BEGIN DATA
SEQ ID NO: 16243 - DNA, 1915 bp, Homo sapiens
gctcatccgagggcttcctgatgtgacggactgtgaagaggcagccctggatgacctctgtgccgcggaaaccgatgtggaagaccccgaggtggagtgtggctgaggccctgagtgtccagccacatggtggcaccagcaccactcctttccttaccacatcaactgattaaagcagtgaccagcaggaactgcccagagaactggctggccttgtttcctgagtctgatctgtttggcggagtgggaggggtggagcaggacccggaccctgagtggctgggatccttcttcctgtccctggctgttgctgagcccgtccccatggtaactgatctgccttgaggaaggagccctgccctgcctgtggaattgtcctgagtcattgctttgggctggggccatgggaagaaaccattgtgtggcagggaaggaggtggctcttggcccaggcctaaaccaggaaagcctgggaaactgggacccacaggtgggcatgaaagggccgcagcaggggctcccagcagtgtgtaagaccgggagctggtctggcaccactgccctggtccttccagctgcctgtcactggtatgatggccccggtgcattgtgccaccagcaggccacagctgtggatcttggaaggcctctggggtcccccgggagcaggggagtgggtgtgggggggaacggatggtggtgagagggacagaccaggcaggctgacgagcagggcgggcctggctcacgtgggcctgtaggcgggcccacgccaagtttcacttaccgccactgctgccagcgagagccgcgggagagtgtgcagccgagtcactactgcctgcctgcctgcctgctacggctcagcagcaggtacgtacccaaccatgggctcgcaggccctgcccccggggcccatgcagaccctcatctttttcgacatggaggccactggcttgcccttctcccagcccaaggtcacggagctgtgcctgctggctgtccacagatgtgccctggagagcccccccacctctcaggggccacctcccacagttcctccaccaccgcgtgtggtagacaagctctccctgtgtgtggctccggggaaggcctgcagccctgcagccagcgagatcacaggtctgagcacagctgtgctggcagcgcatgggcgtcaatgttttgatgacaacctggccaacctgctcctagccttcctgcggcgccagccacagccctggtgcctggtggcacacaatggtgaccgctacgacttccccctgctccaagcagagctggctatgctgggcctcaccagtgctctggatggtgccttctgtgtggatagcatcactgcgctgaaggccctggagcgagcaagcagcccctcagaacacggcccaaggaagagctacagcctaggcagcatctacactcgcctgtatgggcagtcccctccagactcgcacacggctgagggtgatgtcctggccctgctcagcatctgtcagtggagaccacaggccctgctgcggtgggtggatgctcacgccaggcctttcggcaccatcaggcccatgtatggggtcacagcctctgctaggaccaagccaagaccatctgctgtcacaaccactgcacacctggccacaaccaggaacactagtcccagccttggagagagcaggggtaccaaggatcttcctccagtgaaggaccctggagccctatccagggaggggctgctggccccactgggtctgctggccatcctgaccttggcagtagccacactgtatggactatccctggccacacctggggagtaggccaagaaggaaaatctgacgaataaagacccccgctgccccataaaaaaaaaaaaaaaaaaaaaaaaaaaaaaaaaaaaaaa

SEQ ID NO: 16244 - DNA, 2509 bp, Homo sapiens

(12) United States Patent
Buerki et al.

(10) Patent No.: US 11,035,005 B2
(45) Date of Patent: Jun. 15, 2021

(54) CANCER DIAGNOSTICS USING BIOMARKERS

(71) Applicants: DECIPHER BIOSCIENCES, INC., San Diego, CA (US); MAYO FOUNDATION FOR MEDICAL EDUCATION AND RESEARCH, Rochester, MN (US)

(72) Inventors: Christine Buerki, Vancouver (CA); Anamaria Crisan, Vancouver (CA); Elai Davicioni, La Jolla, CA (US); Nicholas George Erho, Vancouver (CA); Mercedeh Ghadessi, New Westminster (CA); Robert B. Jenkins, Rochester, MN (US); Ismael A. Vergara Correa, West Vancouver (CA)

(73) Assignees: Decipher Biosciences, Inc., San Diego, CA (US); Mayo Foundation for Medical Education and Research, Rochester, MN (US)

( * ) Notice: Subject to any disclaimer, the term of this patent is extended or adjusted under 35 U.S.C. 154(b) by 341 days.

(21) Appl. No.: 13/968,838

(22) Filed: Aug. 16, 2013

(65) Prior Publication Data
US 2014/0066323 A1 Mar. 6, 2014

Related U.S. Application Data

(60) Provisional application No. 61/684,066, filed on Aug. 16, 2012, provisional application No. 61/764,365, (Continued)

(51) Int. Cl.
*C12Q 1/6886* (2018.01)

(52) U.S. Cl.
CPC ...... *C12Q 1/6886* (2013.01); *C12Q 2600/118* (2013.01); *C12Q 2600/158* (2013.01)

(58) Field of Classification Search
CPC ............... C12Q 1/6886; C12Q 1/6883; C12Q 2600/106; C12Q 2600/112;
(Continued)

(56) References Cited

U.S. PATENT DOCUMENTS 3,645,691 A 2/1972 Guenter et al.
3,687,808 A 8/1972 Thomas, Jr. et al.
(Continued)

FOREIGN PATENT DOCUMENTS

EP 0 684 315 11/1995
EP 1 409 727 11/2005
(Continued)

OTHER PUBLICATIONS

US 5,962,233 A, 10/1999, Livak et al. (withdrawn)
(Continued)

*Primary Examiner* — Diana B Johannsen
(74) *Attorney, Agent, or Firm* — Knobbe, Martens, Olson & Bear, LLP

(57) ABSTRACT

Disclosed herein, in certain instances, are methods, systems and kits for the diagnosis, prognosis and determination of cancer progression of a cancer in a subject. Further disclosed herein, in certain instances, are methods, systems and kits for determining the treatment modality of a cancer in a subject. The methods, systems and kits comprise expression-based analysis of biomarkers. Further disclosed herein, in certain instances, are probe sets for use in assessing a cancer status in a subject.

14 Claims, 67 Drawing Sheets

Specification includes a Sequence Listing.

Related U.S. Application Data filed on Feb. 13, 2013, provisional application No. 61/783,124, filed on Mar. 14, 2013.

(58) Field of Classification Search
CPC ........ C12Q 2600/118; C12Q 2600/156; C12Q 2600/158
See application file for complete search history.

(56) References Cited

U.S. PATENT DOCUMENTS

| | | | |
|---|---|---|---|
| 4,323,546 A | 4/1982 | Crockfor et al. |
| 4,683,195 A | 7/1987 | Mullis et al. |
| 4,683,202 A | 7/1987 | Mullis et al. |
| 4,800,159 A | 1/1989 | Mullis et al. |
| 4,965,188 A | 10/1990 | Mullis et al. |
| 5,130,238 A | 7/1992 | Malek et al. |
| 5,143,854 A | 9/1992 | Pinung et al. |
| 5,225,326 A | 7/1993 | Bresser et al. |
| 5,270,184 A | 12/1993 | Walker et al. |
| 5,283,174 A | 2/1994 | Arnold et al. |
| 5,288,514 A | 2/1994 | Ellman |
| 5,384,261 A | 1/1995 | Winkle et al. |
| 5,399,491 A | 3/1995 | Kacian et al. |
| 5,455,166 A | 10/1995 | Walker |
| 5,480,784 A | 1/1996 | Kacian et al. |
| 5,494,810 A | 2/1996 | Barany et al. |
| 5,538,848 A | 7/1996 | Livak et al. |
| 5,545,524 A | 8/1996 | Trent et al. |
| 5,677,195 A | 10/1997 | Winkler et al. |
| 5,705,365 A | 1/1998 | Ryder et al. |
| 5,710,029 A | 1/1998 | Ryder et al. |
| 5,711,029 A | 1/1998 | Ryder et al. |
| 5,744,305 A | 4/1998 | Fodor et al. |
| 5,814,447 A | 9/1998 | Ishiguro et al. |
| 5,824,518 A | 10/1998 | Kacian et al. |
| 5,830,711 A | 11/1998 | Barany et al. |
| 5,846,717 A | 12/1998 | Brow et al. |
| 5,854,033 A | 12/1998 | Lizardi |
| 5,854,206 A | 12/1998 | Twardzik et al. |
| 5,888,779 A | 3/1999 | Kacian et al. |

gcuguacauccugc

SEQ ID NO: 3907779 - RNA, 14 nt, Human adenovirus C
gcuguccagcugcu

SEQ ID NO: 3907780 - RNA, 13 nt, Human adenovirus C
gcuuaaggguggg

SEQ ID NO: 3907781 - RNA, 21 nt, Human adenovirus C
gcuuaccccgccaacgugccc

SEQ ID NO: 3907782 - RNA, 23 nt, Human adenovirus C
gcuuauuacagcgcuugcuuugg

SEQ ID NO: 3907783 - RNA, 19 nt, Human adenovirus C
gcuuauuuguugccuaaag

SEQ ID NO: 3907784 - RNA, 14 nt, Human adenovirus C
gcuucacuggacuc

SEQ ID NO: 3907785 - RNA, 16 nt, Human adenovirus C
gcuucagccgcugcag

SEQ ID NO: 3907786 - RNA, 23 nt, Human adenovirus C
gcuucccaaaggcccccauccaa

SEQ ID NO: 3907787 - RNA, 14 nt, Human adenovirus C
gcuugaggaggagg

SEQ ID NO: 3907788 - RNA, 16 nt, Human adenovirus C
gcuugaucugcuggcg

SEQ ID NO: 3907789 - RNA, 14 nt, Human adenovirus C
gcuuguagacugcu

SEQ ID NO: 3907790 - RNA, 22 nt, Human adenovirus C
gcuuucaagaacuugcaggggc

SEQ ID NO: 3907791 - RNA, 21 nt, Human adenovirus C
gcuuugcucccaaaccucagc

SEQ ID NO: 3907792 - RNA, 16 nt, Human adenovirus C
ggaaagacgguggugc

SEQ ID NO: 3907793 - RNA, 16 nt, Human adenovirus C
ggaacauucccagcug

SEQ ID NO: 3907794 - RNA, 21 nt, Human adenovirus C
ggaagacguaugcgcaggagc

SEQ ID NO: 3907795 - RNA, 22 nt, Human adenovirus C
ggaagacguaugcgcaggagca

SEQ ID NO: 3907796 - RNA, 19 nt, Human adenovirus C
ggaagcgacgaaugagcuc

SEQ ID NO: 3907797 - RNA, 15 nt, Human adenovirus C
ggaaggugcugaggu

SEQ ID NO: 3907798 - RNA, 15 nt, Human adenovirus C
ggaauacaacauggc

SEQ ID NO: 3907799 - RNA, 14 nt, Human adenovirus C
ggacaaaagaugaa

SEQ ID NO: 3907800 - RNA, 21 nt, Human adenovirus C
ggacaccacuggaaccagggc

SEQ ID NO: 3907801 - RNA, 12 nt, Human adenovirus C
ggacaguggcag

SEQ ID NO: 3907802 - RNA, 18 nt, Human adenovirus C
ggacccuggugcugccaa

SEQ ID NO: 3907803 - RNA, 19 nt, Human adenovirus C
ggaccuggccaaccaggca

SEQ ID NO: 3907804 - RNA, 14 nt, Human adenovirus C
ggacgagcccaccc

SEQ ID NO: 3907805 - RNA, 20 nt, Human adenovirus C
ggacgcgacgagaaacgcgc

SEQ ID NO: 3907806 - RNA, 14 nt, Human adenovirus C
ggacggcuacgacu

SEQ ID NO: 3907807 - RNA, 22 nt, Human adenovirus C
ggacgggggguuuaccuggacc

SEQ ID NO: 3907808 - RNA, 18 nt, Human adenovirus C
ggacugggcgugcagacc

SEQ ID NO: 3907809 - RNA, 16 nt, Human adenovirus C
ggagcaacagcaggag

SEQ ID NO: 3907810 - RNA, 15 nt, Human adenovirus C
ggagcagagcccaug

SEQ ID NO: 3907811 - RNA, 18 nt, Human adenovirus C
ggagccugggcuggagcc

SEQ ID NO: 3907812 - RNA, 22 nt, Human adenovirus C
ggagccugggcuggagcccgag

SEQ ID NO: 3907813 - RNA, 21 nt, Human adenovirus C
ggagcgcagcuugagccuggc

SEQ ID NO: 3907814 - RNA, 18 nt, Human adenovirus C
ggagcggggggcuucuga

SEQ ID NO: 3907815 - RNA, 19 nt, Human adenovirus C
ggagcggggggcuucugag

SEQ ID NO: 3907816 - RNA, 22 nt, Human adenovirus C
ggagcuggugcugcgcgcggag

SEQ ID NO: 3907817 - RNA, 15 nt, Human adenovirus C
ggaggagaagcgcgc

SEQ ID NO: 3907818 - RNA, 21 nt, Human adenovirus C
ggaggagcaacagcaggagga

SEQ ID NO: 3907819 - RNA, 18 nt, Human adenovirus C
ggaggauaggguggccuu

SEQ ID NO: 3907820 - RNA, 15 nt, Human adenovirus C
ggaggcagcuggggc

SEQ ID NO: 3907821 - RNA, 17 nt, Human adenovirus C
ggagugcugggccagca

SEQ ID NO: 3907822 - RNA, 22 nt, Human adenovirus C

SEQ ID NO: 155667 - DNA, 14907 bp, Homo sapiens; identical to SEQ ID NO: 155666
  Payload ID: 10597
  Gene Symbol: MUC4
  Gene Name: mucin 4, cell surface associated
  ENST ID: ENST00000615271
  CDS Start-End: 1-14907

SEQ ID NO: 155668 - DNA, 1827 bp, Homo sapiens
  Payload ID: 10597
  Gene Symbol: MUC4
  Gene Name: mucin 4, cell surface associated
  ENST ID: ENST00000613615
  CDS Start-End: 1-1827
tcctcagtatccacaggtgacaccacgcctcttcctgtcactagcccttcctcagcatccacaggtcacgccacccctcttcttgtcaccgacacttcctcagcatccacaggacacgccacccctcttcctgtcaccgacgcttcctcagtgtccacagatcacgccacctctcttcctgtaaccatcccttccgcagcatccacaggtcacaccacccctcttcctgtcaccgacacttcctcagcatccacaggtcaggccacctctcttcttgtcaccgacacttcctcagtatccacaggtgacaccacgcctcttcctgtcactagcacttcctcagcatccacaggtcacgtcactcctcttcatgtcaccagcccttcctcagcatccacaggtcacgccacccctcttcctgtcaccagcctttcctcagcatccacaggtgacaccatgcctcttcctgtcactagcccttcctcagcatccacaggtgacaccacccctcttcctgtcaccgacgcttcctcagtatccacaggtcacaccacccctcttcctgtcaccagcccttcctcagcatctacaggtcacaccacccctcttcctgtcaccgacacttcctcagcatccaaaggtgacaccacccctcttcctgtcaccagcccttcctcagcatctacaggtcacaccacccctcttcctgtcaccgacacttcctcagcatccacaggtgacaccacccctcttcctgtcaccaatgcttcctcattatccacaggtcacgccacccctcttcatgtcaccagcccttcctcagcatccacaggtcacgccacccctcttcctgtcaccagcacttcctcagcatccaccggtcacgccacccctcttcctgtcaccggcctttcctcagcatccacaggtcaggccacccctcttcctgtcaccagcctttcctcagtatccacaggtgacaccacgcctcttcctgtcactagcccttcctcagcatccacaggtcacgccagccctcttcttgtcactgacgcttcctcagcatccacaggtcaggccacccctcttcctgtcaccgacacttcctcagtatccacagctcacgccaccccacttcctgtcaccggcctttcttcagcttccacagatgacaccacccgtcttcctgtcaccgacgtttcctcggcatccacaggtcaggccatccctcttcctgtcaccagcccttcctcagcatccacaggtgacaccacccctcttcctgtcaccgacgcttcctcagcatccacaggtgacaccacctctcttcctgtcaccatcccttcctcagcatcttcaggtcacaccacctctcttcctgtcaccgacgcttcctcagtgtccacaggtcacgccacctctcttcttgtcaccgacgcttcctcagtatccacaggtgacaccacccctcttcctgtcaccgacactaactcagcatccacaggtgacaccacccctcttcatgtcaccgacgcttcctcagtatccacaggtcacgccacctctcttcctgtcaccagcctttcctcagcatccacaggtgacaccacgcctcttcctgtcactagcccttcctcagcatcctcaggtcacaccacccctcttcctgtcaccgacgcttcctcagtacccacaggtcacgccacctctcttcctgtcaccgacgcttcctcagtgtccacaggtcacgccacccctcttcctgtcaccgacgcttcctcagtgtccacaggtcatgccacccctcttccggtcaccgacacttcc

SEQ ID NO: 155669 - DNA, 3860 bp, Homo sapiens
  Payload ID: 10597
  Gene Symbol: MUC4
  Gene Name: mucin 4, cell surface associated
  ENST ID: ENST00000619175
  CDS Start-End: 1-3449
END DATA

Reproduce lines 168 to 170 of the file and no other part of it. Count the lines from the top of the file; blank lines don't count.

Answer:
SEQ ID NO: 3907822 - RNA, 22 nt, Human adenovirus C

SEQ ID NO: 155667 - DNA, 14907 bp, Homo sapiens; identical to SEQ ID NO: 155666
  Payload ID: 10597